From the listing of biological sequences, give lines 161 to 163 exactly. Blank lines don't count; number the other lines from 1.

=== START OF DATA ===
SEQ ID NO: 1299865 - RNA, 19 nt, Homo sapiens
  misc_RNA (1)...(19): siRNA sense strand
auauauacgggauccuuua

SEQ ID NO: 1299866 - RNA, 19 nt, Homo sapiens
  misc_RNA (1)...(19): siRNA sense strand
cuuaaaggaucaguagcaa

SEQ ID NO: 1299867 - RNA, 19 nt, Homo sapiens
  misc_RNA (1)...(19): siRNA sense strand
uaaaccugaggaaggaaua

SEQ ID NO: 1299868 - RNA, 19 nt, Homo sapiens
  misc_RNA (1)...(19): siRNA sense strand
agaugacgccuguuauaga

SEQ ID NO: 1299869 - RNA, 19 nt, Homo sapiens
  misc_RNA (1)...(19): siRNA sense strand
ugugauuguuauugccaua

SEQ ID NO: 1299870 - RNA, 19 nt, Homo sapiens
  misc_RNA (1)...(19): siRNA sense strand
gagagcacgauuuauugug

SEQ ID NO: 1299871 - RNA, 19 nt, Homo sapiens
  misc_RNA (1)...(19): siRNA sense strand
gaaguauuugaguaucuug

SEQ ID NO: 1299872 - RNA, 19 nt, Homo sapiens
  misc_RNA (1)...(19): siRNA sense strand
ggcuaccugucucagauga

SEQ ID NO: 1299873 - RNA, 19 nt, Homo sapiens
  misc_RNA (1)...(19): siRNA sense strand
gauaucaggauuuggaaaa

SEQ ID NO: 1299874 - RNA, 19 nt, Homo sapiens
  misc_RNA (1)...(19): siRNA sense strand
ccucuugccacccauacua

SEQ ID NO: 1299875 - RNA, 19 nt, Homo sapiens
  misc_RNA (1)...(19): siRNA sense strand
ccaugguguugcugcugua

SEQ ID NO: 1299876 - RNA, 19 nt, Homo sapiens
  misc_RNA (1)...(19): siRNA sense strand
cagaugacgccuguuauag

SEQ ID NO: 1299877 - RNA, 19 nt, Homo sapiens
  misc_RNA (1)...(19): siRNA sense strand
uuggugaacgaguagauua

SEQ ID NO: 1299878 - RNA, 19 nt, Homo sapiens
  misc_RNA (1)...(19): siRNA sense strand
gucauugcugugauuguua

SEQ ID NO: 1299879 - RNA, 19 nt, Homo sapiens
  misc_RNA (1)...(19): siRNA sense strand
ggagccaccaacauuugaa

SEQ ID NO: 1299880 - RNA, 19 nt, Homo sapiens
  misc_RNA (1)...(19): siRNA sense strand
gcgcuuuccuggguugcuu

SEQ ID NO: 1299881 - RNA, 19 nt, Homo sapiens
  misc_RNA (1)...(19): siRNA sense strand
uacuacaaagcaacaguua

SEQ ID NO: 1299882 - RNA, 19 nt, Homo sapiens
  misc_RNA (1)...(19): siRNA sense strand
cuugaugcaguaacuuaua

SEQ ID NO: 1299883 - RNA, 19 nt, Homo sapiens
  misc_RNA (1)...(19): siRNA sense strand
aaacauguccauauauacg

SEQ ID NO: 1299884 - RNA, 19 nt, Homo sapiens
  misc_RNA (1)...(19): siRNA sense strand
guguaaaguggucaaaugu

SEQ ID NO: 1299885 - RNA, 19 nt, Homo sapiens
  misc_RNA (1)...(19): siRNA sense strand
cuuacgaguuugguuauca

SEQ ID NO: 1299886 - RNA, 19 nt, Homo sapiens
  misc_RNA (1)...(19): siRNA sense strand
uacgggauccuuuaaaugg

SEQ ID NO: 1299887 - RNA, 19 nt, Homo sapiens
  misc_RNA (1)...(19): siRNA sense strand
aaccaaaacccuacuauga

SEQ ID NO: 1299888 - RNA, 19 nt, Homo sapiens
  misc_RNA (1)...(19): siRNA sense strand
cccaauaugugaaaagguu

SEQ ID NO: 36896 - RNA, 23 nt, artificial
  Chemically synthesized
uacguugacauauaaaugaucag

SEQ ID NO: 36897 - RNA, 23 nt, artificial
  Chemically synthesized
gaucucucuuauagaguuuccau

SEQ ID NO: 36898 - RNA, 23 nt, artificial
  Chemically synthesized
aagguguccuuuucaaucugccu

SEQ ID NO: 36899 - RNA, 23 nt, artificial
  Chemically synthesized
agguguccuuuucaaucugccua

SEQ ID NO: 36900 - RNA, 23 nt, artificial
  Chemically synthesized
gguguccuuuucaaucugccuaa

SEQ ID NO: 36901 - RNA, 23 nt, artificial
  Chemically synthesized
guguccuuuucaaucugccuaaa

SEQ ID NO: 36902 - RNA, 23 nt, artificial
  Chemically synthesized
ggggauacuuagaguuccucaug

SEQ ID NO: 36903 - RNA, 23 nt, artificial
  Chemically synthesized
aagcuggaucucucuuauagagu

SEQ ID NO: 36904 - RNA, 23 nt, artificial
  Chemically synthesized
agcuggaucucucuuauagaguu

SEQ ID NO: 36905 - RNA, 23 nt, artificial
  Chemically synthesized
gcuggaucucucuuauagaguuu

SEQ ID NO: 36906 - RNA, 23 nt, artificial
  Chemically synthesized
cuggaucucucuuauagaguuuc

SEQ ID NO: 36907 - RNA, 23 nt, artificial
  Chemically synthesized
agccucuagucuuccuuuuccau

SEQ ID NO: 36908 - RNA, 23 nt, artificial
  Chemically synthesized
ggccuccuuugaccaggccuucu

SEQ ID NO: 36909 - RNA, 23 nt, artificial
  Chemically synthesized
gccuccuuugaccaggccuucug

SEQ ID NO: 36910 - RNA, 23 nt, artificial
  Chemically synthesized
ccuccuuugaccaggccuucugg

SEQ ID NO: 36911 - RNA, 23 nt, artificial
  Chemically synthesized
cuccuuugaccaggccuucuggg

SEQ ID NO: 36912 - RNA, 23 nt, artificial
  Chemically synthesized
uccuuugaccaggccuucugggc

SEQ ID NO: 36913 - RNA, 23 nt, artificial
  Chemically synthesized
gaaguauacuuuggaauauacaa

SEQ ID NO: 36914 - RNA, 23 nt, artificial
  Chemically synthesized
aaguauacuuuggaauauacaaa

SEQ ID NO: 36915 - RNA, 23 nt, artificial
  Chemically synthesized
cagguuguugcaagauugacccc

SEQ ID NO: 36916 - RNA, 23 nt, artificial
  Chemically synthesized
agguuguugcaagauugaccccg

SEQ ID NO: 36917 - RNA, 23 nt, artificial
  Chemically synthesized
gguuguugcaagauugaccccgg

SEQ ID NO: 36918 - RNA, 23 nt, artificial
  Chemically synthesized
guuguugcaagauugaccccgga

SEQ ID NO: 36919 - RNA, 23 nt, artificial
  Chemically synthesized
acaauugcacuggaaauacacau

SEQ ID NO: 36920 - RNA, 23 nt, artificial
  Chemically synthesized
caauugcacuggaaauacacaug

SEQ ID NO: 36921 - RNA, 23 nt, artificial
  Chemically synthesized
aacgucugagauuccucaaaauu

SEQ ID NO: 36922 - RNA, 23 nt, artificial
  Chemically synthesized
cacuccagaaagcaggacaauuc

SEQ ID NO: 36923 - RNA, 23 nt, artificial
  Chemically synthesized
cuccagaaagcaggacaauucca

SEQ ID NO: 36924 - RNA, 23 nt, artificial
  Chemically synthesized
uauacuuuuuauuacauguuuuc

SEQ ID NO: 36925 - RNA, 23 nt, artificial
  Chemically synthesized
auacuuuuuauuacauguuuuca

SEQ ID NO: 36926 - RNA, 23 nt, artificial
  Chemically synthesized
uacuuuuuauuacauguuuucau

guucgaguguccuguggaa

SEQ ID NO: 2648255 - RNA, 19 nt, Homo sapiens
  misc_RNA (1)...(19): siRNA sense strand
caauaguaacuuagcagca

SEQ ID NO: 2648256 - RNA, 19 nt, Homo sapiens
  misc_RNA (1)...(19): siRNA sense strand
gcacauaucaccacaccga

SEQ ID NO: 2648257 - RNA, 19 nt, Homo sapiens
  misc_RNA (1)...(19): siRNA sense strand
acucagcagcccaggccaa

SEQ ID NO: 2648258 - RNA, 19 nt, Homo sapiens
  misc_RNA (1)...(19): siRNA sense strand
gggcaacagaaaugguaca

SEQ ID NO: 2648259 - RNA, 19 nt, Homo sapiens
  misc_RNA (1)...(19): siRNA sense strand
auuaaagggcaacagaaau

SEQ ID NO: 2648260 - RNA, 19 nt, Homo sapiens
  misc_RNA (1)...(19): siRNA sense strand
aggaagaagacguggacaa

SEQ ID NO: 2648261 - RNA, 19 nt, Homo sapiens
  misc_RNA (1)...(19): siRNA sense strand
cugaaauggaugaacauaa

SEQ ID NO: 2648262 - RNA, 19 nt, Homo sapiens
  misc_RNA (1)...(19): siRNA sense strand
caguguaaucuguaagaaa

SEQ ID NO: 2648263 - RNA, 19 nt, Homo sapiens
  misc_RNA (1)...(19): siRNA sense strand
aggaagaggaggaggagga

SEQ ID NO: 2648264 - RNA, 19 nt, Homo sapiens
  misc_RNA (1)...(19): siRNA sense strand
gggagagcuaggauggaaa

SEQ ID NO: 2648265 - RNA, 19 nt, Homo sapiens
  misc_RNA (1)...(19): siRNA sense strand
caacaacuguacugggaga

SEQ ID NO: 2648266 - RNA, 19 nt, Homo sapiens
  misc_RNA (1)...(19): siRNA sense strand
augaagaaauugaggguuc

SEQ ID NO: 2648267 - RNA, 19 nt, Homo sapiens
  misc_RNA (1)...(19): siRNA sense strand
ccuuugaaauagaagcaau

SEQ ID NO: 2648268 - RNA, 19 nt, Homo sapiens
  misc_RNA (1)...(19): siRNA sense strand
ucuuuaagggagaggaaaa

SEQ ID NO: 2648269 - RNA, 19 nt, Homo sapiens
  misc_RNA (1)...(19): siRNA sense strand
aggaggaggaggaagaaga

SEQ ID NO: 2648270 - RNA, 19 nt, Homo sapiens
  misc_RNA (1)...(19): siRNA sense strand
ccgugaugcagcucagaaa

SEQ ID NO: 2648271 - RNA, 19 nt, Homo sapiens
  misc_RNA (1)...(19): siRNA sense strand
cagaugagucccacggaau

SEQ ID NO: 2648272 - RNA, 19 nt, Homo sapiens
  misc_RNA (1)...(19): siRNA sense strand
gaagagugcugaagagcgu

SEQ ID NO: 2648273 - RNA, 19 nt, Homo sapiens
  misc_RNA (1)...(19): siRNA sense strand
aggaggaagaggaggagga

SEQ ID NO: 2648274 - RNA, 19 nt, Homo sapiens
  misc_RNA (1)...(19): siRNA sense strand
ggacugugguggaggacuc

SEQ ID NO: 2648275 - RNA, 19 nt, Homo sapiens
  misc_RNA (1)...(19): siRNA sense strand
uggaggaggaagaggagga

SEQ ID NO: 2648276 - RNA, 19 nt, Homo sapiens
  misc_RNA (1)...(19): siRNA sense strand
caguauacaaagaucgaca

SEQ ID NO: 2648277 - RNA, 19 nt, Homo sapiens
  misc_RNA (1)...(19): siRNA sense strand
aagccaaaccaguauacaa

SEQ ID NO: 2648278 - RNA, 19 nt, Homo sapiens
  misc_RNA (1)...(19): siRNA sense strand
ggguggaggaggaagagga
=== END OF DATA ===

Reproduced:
  Chemically synthesized
auacuuuuuauuacauguuuuca

SEQ ID NO: 36926 - RNA, 23 nt, artificial